by Claire McConaughy
March, 1993, pg. 18

A New Emphasis on Degeneration of Presentation Reintegration

Born to Obsess

Within the context of "I Was Born Like This," the exhibition curated by Kenny Schachter, all of the artworks lend themselves to an autobiographical interpretation. The show invitation which bares a photograph of Schachter ten years ago as a heavyset plaid polyester-jacketed smiling lawyer (which is a far cry from Schachter of 1993) is just the beginning of the exposes. "I Was Born Like This" emphasizes the genuineness of these eight artists because they just can't help what they are or what they do, being born is their justification and validation. Beth Haggart's obsessive stacking of open card-board boxes to form a wall is compelling. It becomes a metaphor for strength, an obsessive/compulsive piece about the need to accomplish monumental tasks against all odds, and challenges ideas of "emptiness" and "fullness".

Rachel Harrison's piece "Are you sure it's the right baby?" directly addresses the theme not only in title but in the execution of her installation. This piece consists of large garbage bags suspended from ropes and sticks in a back corner of the garage which is the exhibition site. The piece hangs overhead in haphazard way. There are random bits of string, tape and hand-written notes. One note explains that Harrison had the piece installed and then decided that she didn't like it so she covered it up with garbage bags. Another note gives us the title of the piece and a story of how when she was born her mother asked, "Are you sure it's the right baby?" Once her piece was made she must've asked, "Are you sure it's the right piece?" and decided it wasn't at least not until she covered it with garbage bags. Other works in the show are autobiographical, scatological, or relate to how the artists see themselves within the context of society.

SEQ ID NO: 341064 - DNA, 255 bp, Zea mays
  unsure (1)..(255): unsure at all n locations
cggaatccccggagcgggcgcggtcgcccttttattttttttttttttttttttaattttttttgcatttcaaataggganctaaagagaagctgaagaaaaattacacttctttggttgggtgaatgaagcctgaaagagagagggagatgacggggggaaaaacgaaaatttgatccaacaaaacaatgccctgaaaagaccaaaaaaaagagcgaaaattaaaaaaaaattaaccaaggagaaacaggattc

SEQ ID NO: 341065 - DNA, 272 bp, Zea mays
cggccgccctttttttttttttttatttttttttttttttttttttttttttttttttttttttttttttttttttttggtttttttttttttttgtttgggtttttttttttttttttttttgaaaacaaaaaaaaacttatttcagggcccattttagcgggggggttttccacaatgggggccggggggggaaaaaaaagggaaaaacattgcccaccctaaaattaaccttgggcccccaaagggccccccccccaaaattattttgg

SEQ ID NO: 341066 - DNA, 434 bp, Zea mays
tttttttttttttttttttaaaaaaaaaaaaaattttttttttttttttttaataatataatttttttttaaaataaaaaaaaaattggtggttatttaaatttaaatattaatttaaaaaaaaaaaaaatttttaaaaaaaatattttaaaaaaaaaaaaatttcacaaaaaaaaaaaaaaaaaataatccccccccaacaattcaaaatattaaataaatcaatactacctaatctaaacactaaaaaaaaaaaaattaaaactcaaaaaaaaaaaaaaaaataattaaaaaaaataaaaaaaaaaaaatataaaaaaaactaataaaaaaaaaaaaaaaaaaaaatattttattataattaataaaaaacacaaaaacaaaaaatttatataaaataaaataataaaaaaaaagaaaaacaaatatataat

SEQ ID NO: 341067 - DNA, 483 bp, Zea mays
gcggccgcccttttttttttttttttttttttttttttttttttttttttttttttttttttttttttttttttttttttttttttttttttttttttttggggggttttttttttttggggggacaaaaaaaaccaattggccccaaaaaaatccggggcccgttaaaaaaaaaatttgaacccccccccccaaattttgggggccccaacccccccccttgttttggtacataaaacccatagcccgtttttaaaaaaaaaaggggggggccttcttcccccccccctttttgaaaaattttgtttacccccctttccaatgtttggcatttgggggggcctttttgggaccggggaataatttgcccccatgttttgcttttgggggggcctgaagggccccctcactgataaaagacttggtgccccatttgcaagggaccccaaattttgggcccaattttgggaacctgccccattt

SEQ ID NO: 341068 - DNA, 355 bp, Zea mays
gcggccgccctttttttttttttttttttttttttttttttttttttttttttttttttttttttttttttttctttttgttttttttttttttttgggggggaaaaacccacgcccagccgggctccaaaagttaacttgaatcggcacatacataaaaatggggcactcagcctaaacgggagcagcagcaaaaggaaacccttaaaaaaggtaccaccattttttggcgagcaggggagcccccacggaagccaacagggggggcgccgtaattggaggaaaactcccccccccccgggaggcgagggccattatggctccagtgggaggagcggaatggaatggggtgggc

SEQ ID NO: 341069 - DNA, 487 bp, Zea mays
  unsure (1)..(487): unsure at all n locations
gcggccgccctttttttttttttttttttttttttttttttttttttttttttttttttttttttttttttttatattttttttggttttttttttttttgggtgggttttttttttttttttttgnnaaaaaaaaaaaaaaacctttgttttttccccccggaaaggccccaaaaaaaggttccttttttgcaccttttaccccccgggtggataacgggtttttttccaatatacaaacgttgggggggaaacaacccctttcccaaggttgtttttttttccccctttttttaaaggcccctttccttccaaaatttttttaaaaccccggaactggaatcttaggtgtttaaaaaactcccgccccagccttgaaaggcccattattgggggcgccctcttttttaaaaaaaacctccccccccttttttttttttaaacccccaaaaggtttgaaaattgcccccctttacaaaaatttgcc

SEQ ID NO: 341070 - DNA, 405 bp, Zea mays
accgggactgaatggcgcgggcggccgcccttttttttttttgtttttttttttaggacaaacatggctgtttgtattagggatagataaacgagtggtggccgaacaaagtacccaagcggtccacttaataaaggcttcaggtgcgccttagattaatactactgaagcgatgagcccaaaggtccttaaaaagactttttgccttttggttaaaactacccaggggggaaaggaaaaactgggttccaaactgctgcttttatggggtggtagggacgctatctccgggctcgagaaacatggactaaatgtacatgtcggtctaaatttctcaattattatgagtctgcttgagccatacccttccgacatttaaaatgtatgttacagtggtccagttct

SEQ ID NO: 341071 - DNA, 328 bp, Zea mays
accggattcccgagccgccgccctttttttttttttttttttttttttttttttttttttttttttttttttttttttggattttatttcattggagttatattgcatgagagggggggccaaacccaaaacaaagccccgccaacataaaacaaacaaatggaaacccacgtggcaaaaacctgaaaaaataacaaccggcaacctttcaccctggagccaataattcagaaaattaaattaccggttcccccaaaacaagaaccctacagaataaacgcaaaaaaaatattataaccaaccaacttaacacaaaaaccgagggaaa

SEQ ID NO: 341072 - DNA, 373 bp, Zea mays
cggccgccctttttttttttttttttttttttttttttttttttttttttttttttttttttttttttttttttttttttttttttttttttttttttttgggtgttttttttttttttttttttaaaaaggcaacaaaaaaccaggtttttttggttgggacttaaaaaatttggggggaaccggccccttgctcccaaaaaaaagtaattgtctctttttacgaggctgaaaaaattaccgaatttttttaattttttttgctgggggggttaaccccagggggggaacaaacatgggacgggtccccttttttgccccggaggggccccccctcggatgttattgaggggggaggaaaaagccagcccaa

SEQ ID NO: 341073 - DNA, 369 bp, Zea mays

The location, a garage, and the found/discarded object quality to most of the works mirrors the urgency one senses about the artist's need to create these pieces. This same urgency creates an intense energy that envelopes the viewer and makes one think that it is the creative act that is important first and foremost. After all, being born is creation.

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